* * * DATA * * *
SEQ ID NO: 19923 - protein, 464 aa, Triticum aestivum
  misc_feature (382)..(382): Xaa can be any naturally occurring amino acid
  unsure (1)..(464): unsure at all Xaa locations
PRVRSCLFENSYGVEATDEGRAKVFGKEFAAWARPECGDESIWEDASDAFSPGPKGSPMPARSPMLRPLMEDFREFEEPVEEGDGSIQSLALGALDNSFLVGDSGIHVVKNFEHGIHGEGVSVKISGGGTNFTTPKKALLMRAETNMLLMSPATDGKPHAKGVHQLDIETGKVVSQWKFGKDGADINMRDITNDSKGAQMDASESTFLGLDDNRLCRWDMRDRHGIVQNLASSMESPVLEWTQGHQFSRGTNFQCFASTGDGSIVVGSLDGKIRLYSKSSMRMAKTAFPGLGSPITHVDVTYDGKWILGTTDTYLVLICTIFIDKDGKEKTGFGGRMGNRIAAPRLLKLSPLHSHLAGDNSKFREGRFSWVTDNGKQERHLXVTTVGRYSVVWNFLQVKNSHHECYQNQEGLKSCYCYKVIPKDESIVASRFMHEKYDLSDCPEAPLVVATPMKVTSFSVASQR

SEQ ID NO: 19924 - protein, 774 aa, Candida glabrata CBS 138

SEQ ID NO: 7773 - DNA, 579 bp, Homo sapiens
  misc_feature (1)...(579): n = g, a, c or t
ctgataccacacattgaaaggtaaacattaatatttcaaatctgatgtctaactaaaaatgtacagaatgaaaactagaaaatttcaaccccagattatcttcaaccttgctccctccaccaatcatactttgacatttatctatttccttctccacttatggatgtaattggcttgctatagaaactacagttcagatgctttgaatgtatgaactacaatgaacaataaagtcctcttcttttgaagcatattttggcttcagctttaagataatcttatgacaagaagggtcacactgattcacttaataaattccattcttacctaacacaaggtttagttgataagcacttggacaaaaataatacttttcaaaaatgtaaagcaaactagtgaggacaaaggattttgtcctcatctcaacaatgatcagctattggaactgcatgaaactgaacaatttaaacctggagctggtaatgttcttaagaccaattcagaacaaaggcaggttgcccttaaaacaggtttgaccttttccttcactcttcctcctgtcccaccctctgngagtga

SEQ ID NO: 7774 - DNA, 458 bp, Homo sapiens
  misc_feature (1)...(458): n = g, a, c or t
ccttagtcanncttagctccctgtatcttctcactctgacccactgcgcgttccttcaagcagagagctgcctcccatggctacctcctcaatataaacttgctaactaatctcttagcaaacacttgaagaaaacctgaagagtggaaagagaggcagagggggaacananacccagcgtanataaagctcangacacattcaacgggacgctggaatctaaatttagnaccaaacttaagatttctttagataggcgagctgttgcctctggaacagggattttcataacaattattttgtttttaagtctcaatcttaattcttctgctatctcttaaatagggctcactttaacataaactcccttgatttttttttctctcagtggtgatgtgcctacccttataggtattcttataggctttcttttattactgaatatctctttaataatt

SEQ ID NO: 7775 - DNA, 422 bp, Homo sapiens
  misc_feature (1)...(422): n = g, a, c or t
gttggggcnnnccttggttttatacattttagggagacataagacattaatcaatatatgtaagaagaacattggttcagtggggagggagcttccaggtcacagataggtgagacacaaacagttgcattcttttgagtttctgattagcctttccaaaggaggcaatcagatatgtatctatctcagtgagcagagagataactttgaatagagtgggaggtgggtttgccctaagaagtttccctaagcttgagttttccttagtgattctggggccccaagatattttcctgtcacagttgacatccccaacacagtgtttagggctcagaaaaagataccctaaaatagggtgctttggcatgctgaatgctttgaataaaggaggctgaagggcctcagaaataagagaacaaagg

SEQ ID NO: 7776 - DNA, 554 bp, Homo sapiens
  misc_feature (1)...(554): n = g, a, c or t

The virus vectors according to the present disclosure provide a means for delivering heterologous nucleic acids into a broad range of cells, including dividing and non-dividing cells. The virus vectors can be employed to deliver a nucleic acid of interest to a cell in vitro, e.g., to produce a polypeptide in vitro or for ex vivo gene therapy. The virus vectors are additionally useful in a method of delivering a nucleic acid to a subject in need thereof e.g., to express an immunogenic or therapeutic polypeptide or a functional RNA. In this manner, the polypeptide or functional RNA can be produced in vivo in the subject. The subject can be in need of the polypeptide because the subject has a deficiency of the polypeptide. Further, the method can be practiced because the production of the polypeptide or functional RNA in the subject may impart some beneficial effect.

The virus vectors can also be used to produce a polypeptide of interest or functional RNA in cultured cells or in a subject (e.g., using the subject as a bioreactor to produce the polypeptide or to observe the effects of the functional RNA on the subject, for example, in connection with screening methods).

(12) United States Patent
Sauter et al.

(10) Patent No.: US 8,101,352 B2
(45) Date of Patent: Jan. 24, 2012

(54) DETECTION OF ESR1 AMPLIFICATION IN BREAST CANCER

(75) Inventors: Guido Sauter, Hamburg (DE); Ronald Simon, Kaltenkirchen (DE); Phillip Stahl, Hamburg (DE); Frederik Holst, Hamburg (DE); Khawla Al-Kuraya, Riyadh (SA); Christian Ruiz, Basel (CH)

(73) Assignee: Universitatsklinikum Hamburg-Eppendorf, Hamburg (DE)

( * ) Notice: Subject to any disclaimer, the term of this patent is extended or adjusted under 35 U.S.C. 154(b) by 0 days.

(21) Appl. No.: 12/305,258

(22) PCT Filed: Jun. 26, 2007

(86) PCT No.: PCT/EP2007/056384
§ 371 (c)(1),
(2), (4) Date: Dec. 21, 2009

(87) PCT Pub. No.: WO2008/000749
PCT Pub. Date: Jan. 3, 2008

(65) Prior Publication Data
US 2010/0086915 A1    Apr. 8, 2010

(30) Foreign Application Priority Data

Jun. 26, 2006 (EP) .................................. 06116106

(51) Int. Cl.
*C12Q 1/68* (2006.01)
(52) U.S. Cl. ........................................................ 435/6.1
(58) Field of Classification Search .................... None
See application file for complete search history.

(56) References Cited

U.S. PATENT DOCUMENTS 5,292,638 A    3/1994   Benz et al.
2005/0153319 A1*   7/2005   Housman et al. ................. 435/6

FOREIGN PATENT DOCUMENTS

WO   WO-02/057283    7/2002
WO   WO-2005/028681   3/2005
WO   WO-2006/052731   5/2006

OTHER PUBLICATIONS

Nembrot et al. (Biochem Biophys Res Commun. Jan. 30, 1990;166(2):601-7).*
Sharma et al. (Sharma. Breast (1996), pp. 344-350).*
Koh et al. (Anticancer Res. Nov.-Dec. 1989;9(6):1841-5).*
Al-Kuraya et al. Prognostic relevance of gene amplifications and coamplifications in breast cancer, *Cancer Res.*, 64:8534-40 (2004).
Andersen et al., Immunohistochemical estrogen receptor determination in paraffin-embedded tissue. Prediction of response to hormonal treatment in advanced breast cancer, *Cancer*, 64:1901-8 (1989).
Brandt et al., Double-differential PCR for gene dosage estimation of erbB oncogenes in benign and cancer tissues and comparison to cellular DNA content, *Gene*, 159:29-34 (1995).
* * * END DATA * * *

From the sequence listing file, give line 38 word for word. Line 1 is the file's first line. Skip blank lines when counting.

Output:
(51) Int. Cl.